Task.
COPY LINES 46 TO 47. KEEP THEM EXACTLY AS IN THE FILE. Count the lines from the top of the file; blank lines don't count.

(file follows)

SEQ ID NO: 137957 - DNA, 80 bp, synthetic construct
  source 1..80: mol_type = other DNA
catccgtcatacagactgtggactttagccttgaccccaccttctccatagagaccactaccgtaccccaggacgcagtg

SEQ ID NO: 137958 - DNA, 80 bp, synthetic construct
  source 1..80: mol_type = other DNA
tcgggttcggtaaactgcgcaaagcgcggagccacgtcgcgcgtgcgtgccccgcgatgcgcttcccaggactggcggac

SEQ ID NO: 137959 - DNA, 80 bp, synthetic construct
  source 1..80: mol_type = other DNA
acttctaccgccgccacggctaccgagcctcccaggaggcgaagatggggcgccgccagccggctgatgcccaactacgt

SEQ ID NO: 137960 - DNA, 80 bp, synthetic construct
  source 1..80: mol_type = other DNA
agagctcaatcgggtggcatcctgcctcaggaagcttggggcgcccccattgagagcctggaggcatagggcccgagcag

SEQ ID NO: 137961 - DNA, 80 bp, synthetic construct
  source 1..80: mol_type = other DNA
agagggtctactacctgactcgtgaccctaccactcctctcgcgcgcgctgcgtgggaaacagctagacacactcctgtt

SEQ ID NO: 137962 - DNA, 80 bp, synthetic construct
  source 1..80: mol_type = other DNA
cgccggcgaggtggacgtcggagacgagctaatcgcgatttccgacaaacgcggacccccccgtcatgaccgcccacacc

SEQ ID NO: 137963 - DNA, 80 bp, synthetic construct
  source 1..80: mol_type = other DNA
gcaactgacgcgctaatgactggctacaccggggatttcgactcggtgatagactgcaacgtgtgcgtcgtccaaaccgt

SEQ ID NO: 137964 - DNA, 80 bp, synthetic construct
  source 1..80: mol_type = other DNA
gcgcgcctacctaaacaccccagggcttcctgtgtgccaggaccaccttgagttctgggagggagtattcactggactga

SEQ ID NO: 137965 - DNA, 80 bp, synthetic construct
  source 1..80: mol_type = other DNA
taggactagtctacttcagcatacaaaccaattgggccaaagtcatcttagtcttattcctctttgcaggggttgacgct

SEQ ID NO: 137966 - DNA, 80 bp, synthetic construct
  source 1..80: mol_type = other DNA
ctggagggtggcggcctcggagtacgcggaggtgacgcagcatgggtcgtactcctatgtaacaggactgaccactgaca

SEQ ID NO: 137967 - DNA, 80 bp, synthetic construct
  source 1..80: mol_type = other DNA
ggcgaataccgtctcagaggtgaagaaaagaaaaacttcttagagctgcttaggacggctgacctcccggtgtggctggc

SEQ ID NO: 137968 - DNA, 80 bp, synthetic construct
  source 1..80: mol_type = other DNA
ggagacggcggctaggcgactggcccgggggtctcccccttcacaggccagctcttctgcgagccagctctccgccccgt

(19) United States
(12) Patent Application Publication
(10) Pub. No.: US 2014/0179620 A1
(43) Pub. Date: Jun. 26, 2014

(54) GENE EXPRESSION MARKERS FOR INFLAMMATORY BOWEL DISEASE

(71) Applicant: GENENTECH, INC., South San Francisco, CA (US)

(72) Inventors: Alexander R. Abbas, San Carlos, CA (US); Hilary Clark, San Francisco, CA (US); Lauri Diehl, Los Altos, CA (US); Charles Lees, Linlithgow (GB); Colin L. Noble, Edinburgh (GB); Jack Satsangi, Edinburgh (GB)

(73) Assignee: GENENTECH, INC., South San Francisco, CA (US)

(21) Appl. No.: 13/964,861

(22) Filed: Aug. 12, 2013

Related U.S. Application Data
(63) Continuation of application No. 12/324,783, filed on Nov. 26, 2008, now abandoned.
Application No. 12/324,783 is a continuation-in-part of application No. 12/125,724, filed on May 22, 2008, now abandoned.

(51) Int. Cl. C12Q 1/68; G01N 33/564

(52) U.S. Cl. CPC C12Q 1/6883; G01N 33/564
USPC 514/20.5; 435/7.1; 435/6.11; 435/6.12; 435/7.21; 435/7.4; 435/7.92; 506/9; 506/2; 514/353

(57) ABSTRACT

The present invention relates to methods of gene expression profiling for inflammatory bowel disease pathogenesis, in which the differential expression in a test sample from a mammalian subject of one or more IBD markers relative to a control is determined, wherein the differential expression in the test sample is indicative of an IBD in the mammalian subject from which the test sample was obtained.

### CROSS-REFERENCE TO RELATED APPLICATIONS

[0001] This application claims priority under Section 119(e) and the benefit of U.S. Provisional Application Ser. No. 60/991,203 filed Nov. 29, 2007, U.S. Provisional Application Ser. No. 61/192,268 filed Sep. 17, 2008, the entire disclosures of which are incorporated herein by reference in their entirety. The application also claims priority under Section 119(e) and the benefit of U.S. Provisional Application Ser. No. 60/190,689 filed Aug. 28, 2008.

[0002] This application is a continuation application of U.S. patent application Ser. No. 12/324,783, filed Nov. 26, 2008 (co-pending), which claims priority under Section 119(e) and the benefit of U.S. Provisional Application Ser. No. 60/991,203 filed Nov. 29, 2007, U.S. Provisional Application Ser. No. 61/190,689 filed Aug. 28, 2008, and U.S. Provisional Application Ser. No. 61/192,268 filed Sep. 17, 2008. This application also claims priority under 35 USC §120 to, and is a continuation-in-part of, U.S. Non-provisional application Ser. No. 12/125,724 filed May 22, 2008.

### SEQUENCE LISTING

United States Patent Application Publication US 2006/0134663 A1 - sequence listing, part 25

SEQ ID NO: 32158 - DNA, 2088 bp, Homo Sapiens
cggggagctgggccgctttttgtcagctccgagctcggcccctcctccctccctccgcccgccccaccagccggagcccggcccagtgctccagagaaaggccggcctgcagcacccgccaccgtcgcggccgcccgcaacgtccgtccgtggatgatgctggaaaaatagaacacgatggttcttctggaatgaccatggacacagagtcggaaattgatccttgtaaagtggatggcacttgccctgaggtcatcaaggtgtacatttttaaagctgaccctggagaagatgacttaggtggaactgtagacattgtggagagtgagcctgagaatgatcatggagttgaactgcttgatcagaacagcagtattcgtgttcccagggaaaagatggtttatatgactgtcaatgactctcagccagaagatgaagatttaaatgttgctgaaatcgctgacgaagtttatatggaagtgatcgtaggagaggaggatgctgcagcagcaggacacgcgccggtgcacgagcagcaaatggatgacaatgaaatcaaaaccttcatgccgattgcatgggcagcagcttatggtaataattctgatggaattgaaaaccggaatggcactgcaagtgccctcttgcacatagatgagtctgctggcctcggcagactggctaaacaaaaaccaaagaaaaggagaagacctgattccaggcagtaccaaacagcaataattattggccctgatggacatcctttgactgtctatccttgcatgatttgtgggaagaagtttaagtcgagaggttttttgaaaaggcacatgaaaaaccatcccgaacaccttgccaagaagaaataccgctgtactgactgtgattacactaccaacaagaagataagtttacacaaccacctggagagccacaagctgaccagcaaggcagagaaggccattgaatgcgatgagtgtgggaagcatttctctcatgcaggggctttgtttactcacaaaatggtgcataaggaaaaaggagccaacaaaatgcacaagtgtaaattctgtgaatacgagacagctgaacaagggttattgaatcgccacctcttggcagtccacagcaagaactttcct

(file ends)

(22) Filed: Aug. 12, 2013

Related U.S. Application Data